When someone is charged with first-degree murder in South Carolina, it typically involves allegations that are quite significant. The person could also face severe consequences if they are convicted of the crime. While murder is a crime that involves taking the life of another person, there are a few other elements that are often considered.
One of the elements of violent offenses (murder, assault, weapon offenses) is a clear intent to commit the crime. The intent doesn’t need to be toward the victim who is killed. The victim could be the wrong person who was initially targeted or someone random who is killed while the crime is committed as long as there is an intent present to take someone’s life.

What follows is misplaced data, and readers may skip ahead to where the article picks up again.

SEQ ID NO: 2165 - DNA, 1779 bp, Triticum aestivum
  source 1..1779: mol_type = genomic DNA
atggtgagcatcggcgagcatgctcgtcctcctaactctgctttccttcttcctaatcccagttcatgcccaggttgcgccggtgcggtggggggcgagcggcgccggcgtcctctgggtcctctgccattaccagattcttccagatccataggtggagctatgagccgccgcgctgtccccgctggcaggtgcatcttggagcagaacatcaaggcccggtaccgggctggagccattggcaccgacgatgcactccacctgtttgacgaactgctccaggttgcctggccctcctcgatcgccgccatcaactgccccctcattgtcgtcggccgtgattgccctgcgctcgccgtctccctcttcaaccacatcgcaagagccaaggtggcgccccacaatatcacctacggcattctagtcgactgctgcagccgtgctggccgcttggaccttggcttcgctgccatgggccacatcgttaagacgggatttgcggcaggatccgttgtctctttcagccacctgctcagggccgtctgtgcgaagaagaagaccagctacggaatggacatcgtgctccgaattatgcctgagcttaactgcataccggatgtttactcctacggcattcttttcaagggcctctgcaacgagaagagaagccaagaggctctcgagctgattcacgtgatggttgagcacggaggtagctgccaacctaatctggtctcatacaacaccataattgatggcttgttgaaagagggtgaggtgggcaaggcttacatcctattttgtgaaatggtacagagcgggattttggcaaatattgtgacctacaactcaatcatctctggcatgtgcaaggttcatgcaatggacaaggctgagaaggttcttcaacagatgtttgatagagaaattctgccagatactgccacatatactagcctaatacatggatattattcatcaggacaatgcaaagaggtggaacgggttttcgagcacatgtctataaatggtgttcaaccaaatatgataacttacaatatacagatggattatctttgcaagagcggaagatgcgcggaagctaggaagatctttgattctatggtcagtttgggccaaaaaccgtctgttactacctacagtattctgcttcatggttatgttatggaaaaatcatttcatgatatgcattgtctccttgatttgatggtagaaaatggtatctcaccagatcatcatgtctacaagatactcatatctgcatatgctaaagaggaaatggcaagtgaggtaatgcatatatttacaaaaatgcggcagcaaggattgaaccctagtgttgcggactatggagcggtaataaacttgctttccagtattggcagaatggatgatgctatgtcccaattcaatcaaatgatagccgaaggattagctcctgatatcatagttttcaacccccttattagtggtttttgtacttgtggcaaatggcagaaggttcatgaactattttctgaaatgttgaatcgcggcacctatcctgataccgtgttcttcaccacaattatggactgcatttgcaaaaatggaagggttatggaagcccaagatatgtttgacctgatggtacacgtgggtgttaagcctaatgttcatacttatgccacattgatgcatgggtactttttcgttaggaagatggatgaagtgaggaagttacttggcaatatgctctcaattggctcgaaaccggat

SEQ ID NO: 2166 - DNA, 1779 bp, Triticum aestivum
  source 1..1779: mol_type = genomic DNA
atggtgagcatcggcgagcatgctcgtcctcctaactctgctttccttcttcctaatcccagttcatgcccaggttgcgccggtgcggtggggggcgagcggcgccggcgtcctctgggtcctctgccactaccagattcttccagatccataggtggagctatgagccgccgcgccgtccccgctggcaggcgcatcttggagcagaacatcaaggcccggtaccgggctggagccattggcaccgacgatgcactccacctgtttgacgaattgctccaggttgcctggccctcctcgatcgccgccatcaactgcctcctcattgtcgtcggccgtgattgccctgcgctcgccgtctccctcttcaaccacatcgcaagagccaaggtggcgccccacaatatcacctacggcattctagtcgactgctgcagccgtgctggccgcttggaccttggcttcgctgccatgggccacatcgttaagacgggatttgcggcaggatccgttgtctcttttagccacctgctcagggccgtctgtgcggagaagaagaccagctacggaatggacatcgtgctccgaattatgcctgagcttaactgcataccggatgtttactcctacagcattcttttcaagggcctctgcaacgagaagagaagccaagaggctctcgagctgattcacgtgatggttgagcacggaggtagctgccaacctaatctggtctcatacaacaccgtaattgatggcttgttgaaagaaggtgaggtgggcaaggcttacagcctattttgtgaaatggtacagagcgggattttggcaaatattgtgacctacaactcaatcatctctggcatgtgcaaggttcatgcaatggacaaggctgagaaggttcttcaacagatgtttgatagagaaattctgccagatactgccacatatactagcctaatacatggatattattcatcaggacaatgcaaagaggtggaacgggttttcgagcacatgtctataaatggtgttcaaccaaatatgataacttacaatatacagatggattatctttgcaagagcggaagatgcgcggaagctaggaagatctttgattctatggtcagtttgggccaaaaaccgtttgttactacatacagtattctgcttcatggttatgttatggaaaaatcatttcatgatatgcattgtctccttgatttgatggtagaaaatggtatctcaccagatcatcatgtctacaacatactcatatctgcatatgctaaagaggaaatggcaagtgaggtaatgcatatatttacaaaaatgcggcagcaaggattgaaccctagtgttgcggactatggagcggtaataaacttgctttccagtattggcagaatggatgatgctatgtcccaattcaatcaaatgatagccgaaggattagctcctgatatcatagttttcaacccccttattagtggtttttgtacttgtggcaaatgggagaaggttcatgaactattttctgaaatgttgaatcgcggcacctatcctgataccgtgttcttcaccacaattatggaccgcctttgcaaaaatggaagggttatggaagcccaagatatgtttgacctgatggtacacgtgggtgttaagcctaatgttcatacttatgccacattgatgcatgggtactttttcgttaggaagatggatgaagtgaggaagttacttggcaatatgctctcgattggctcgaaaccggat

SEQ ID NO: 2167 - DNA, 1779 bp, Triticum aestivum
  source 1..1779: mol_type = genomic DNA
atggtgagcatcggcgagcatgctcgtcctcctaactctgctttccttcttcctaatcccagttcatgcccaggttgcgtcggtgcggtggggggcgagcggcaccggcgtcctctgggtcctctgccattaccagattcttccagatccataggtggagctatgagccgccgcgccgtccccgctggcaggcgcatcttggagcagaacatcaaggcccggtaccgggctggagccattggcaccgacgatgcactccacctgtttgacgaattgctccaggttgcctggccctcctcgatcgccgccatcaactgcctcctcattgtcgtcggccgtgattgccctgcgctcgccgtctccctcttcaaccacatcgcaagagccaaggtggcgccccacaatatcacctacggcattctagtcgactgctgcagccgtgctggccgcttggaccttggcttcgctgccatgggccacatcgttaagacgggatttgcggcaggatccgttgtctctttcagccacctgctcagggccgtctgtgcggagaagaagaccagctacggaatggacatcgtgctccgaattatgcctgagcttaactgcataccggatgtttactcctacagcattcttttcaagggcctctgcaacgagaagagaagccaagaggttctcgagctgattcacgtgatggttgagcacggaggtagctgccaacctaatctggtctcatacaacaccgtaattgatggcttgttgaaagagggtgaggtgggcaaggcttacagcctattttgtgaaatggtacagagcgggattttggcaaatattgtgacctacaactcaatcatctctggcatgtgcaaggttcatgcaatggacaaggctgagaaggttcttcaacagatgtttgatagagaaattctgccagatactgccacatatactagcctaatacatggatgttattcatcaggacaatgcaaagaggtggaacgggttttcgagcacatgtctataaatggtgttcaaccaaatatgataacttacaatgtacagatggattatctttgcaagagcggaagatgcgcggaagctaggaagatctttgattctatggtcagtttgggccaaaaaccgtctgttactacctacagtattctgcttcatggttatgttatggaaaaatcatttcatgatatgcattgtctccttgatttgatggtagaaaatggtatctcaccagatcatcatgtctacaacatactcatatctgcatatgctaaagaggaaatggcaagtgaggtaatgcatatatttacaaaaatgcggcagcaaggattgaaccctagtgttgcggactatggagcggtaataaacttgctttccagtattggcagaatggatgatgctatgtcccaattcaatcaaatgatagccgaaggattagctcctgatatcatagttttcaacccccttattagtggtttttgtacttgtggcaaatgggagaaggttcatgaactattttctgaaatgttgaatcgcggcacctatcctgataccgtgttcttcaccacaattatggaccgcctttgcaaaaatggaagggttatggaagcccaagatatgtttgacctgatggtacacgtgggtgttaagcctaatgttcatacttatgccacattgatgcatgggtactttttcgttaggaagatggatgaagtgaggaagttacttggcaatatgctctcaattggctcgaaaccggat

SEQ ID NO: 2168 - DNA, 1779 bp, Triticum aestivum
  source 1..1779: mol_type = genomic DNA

Each first-degree murder case is usually examined to determine if the crime was deliberate or premeditated. This element of the crime doesn’t mean that a plan was in place for weeks or months before the victim was killed. It simply means that there was a plan of action to carry out taking the life of another person. The element of premeditation or deliberation needs to be present before the murder happens and not right as the person is killed as this could result in a lesser charge.
While this can sometimes be associated with premeditation, malice usually involves indifference to another person’s life or human life in general. This is sometimes considered the ill will component of first-degree murder.
When you think about murder, you might imagine any kind of crime that involves killing another person. However, first-degree murder has a few elements that are typically in place in order for there to be a conviction.